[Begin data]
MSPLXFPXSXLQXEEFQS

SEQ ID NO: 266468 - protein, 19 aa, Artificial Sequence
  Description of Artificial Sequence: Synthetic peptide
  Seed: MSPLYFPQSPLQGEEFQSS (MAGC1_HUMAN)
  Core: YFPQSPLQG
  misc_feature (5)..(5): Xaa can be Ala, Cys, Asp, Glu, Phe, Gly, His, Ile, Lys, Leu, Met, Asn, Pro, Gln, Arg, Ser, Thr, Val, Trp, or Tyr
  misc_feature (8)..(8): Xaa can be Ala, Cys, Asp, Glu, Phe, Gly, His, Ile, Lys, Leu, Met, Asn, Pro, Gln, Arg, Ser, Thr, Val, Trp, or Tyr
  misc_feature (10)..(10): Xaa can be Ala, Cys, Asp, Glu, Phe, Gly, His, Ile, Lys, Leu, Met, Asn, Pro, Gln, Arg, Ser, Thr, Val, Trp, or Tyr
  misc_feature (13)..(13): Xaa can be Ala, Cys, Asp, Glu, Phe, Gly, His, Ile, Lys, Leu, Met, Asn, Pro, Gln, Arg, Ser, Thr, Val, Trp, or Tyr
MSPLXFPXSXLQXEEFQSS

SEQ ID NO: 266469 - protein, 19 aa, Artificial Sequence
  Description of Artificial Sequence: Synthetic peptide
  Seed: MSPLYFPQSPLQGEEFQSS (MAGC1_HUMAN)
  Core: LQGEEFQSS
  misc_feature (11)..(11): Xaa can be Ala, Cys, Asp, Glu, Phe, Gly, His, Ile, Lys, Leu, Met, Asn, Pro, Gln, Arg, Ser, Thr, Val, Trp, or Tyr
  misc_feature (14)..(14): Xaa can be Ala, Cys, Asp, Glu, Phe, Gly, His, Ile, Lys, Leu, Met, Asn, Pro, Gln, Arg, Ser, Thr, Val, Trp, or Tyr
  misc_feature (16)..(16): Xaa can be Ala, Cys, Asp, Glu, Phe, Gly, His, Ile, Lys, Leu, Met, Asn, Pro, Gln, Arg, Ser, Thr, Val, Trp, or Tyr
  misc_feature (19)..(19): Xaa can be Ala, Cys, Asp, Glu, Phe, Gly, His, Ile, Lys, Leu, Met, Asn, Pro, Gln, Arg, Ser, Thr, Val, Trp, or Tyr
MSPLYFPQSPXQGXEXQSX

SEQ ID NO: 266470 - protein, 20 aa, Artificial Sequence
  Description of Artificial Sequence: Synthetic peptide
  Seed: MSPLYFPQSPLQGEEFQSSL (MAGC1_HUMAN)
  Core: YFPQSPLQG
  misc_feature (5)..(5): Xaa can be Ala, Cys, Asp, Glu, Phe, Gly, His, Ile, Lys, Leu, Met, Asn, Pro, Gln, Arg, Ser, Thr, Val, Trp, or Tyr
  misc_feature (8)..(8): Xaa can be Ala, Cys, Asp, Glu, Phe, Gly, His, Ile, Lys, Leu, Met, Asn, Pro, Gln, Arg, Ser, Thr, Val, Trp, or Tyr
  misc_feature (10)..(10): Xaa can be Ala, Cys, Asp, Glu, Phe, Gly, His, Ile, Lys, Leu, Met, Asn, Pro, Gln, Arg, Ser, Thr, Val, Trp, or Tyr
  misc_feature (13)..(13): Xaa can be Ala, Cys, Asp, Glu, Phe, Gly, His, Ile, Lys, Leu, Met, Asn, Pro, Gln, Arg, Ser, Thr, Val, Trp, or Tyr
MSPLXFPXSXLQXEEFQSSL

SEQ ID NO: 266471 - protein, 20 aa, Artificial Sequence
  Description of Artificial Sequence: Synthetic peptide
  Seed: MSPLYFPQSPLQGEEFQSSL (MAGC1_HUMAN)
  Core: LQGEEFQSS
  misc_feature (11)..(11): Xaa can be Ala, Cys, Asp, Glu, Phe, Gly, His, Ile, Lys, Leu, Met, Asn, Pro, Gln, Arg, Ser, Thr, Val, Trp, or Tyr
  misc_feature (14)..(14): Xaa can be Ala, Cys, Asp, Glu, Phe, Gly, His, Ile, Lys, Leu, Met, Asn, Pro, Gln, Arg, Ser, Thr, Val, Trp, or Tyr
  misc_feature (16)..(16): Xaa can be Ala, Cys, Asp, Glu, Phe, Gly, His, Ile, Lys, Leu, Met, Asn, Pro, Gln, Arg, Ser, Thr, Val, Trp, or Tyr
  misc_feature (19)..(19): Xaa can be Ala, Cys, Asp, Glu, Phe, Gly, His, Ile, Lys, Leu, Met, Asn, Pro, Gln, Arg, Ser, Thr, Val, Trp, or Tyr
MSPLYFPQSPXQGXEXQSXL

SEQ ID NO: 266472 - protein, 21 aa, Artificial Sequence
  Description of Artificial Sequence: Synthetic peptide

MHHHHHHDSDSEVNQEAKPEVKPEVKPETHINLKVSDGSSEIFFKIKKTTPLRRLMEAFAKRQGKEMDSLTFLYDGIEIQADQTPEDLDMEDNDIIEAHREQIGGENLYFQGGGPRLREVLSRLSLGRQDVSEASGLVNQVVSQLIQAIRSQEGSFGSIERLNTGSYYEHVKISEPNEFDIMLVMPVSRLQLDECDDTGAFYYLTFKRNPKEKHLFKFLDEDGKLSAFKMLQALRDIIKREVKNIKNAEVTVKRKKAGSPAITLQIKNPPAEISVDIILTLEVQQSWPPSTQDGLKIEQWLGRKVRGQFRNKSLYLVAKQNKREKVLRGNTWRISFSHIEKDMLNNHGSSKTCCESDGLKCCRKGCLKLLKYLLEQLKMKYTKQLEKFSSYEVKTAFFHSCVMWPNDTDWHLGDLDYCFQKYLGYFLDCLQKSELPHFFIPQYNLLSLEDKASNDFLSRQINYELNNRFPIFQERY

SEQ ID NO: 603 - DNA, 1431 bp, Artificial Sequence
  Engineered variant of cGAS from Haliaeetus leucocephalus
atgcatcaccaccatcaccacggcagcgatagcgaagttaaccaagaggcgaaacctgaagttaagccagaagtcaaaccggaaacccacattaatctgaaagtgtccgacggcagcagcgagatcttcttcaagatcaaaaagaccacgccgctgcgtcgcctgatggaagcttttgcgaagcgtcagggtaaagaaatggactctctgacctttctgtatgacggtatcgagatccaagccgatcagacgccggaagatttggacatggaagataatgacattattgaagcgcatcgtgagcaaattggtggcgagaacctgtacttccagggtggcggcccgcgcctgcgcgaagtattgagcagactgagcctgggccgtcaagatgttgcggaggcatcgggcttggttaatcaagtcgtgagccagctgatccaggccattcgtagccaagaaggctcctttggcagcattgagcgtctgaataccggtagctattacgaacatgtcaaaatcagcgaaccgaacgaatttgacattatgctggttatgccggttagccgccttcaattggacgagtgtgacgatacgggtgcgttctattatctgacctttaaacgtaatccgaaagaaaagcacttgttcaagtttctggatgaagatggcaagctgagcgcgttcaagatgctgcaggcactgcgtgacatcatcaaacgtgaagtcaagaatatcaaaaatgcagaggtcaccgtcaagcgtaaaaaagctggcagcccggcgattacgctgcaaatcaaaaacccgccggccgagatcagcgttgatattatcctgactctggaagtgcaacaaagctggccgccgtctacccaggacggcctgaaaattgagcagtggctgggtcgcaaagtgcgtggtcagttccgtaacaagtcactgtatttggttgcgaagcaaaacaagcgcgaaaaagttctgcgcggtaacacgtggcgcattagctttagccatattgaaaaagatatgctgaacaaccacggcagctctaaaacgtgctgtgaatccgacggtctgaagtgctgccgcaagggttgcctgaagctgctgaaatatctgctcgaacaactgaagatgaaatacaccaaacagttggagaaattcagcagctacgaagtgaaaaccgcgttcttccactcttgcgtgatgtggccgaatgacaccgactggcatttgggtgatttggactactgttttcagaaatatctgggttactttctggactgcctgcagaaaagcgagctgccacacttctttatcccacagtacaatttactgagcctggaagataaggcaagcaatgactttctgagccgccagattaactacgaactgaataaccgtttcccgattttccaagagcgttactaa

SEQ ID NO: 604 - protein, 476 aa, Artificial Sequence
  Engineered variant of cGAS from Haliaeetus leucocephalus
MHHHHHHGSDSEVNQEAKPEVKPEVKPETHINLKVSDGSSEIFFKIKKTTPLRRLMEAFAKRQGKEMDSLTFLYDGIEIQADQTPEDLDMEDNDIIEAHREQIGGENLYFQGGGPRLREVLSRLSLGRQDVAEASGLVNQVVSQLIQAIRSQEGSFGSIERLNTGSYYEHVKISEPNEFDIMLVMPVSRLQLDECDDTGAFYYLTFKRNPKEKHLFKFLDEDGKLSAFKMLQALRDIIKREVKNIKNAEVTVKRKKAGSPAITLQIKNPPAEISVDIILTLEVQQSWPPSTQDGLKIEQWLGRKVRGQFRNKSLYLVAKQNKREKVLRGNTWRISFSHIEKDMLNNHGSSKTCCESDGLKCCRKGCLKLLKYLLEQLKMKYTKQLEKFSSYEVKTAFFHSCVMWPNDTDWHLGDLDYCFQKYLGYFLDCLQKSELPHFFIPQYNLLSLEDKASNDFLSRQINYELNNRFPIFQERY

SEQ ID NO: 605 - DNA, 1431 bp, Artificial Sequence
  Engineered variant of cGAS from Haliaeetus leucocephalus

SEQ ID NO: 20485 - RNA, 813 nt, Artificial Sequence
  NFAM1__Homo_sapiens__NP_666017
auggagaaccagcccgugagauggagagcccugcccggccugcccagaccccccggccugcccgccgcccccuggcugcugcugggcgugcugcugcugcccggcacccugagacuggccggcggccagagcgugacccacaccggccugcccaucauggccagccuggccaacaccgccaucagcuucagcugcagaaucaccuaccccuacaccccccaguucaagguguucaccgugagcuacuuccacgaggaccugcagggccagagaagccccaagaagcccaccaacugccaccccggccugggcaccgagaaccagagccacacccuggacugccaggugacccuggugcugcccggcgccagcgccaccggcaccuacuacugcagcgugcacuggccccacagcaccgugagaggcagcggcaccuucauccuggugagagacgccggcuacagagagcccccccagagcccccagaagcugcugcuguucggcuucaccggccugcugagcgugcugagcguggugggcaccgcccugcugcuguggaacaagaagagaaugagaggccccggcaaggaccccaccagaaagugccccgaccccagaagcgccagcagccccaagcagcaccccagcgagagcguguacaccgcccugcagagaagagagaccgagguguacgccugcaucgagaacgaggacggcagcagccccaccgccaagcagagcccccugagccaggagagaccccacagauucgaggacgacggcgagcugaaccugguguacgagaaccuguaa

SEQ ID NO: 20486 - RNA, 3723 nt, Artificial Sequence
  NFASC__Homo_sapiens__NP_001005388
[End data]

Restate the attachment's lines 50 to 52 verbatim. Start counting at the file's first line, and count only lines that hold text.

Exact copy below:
  NFAM1__Homo_sapiens__NP_666017
auggagaaccagcccgugagauggagagcccugcccggccugcccagaccccccggccugcccgccgcccccuggcugcugcugggcgugcugcugcugcccggcacccugagacuggccggcggccagagcgugacccacaccggccugcccaucauggccagccuggccaacaccgccaucagcuucagcugcagaaucaccuaccccuacaccccccaguucaagguguucaccgugagcuacuuccacgaggaccugcagggccagagaagccccaagaagcccaccaacugccaccccggccugggcaccgagaaccagagccacacccuggacugccaggugacccuggugcugcccggcgccagcgccaccggcaccuacuacugcagcgugcacuggccccacagcaccgugagaggcagcggcaccuucauccuggugagagacgccggcuacagagagcccccccagagcccccagaagcugcugcuguucggcuucaccggccugcugagcgugcugagcguggugggcaccgcccugcugcuguggaacaagaagagaaugagaggccccggcaaggaccccaccagaaagugccccgaccccagaagcgccagcagccccaagcagcaccccagcgagagcguguacaccgcccugcagagaagagagaccgagguguacgccugcaucgagaacgaggacggcagcagccccaccgccaagcagagcccccugagccaggagagaccccacagauucgaggacgacggcgagcugaaccugguguacgagaaccuguaa

SEQ ID NO: 20486 - RNA, 3723 nt, Artificial Sequence